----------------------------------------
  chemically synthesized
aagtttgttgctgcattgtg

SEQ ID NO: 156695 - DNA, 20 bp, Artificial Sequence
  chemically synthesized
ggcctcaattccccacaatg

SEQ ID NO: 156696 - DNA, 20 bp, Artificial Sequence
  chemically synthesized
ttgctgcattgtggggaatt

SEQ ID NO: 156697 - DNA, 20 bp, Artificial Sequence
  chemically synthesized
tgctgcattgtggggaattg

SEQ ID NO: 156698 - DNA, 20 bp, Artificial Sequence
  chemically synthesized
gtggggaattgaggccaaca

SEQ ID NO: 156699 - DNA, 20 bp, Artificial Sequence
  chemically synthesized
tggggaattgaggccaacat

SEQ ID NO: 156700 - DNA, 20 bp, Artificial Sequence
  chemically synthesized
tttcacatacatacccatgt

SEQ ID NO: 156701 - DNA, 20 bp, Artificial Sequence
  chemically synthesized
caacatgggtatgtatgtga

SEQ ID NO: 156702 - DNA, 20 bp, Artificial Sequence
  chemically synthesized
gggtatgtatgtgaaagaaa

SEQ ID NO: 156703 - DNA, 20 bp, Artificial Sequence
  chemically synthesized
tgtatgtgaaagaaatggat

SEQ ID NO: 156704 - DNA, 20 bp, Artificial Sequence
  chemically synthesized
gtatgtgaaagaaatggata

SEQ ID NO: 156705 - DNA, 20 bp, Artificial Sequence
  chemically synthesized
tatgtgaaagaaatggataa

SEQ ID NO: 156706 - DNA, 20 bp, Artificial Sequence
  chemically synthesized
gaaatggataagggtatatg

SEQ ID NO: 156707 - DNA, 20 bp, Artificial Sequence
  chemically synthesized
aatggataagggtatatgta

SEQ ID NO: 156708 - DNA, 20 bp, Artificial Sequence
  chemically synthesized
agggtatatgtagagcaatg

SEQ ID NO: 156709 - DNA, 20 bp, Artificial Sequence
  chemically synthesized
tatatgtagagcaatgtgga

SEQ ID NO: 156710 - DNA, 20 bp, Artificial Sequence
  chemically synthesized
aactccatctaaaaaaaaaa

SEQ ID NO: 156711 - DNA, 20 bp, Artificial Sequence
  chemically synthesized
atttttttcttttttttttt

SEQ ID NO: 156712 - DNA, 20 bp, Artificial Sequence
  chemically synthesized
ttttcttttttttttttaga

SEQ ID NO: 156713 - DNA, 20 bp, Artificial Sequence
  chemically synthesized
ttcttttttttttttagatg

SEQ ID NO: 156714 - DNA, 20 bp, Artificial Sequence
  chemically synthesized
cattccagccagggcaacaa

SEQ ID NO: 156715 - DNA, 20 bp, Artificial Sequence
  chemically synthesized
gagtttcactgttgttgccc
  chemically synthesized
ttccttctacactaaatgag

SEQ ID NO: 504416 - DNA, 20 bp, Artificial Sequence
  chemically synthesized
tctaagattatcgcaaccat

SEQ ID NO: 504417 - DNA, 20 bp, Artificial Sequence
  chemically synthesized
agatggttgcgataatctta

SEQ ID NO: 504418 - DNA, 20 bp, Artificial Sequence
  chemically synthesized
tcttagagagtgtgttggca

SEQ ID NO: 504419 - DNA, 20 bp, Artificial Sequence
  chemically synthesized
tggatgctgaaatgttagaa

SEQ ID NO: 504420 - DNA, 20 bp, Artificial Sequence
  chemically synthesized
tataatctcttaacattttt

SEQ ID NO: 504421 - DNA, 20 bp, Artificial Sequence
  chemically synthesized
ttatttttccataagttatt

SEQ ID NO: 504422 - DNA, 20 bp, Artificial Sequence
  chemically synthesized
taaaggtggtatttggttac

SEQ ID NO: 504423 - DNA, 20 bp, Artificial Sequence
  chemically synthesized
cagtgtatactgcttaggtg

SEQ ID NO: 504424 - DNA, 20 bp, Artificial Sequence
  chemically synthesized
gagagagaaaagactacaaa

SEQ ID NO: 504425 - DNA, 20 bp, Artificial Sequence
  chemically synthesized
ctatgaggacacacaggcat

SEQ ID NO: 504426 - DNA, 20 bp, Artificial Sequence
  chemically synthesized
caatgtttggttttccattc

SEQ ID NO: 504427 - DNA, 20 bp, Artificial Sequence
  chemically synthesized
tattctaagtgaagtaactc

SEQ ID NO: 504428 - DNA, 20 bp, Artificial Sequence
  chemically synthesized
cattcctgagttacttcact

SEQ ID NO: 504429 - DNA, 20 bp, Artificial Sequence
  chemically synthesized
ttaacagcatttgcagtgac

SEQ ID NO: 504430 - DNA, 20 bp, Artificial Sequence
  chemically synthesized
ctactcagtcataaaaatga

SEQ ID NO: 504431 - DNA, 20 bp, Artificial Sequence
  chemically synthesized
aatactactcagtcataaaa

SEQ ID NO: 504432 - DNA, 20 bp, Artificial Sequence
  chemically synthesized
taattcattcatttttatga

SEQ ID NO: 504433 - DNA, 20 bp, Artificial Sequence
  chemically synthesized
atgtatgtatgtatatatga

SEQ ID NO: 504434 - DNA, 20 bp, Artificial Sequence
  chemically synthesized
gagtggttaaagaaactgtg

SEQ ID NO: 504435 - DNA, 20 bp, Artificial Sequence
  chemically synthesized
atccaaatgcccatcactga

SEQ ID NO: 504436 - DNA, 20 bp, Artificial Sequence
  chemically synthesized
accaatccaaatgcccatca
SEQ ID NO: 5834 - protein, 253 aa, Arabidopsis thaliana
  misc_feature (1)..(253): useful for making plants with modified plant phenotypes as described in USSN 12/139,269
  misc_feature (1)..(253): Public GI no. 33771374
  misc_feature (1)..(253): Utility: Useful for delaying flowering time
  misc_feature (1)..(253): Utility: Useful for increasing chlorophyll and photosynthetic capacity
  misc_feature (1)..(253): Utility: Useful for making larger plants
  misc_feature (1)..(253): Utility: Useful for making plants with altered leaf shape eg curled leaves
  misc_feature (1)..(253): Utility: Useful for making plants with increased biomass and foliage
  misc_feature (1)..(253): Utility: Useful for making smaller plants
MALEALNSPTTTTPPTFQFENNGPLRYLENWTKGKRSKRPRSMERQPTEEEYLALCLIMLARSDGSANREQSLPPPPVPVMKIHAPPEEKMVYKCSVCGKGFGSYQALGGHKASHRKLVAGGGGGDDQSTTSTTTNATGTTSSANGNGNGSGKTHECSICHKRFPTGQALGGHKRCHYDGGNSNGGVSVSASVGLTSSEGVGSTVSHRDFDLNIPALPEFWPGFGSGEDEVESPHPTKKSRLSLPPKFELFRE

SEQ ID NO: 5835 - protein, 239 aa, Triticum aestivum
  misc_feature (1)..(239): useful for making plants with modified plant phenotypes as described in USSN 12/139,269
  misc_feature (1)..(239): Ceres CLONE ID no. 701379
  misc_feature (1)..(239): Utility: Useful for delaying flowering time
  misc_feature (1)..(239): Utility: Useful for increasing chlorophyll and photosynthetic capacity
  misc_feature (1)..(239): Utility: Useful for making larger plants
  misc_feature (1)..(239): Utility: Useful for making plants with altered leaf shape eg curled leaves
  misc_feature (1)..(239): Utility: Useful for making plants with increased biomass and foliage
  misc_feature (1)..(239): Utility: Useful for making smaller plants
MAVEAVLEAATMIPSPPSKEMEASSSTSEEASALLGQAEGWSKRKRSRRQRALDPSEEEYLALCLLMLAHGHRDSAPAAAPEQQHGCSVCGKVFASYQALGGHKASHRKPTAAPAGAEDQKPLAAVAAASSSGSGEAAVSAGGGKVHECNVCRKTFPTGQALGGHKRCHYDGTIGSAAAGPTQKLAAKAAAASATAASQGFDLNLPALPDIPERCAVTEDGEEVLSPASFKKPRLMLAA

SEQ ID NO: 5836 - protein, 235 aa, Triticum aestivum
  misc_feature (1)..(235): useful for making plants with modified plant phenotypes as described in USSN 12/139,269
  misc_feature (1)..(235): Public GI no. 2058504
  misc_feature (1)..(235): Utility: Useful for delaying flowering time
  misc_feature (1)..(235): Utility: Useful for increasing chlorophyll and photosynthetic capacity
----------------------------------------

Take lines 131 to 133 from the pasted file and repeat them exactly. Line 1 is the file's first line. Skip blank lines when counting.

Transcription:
SEQ ID NO: 5834 - protein, 253 aa, Arabidopsis thaliana
  misc_feature (1)..(253): useful for making plants with modified plant phenotypes as described in USSN 12/139,269
  misc_feature (1)..(253): Public GI no. 33771374